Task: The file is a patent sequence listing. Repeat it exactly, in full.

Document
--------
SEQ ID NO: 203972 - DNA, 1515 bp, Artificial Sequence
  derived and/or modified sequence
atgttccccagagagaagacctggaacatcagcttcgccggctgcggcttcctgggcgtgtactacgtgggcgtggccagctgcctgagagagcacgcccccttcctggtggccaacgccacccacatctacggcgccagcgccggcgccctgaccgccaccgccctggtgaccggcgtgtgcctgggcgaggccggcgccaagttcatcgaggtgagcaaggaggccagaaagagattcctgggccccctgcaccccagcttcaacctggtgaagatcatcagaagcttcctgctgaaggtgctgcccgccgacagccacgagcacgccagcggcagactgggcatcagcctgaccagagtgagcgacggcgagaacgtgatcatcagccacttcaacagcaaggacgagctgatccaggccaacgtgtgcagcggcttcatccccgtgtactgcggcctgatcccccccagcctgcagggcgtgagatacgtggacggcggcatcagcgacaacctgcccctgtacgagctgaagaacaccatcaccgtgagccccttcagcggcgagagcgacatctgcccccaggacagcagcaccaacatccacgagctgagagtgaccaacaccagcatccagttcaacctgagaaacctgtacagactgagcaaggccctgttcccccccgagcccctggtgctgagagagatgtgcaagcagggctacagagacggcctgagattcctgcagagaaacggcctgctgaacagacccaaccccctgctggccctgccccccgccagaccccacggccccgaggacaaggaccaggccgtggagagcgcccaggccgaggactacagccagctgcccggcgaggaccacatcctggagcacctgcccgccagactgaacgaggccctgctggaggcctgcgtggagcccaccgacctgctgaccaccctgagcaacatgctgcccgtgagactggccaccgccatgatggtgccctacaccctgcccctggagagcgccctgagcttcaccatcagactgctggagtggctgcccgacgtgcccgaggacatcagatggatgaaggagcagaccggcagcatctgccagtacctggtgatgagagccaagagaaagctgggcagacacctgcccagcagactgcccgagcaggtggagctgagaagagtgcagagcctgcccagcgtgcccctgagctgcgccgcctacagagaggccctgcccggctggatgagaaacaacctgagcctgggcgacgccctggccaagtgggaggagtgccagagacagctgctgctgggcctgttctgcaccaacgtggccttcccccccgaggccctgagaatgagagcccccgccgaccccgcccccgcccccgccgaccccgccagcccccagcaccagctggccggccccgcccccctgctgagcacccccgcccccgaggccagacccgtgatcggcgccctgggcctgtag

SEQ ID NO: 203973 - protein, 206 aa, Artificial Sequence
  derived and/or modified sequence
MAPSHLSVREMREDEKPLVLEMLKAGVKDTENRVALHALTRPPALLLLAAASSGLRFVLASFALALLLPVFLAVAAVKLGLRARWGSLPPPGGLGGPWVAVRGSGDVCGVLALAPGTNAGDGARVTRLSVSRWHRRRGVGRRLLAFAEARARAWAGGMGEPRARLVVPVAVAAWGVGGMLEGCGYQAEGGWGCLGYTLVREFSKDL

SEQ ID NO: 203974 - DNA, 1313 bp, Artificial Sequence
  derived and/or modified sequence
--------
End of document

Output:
SEQ ID NO: 203972 - DNA, 1515 bp, Artificial Sequence
  derived and/or modified sequence
atgttccccagagagaagacctggaacatcagcttcgccggctgcggcttcctgggcgtgtactacgtgggcgtggccagctgcctgagagagcacgcccccttcctggtggccaacgccacccacatctacggcgccagcgccggcgccctgaccgccaccgccctggtgaccggcgtgtgcctgggcgaggccggcgccaagttcatcgaggtgagcaaggaggccagaaagagattcctgggccccctgcaccccagcttcaacctggtgaagatcatcagaagcttcctgctgaaggtgctgcccgccgacagccacgagcacgccagcggcagactgggcatcagcctgaccagagtgagcgacggcgagaacgtgatcatcagccacttcaacagcaaggacgagctgatccaggccaacgtgtgcagcggcttcatccccgtgtactgcggcctgatcccccccagcctgcagggcgtgagatacgtggacggcggcatcagcgacaacctgcccctgtacgagctgaagaacaccatcaccgtgagccccttcagcggcgagagcgacatctgcccccaggacagcagcaccaacatccacgagctgagagtgaccaacaccagcatccagttcaacctgagaaacctgtacagactgagcaaggccctgttcccccccgagcccctggtgctgagagagatgtgcaagcagggctacagagacggcctgagattcctgcagagaaacggcctgctgaacagacccaaccccctgctggccctgccccccgccagaccccacggccccgaggacaaggaccaggccgtggagagcgcccaggccgaggactacagccagctgcccggcgaggaccacatcctggagcacctgcccgccagactgaacgaggccctgctggaggcctgcgtggagcccaccgacctgctgaccaccctgagcaacatgctgcccgtgagactggccaccgccatgatggtgccctacaccctgcccctggagagcgccctgagcttcaccatcagactgctggagtggctgcccgacgtgcccgaggacatcagatggatgaaggagcagaccggcagcatctgccagtacctggtgatgagagccaagagaaagctgggcagacacctgcccagcagactgcccgagcaggtggagctgagaagagtgcagagcctgcccagcgtgcccctgagctgcgccgcctacagagaggccctgcccggctggatgagaaacaacctgagcctgggcgacgccctggccaagtgggaggagtgccagagacagctgctgctgggcctgttctgcaccaacgtggccttcccccccgaggccctgagaatgagagcccccgccgaccccgcccccgcccccgccgaccccgccagcccccagcaccagctggccggccccgcccccctgctgagcacccccgcccccgaggccagacccgtgatcggcgccctgggcctgtag

SEQ ID NO: 203973 - protein, 206 aa, Artificial Sequence
  derived and/or modified sequence
MAPSHLSVREMREDEKPLVLEMLKAGVKDTENRVALHALTRPPALLLLAAASSGLRFVLASFALALLLPVFLAVAAVKLGLRARWGSLPPPGGLGGPWVAVRGSGDVCGVLALAPGTNAGDGARVTRLSVSRWHRRRGVGRRLLAFAEARARAWAGGMGEPRARLVVPVAVAAWGVGGMLEGCGYQAEGGWGCLGYTLVREFSKDL

SEQ ID NO: 203974 - DNA, 1313 bp, Artificial Sequence
  derived and/or modified sequence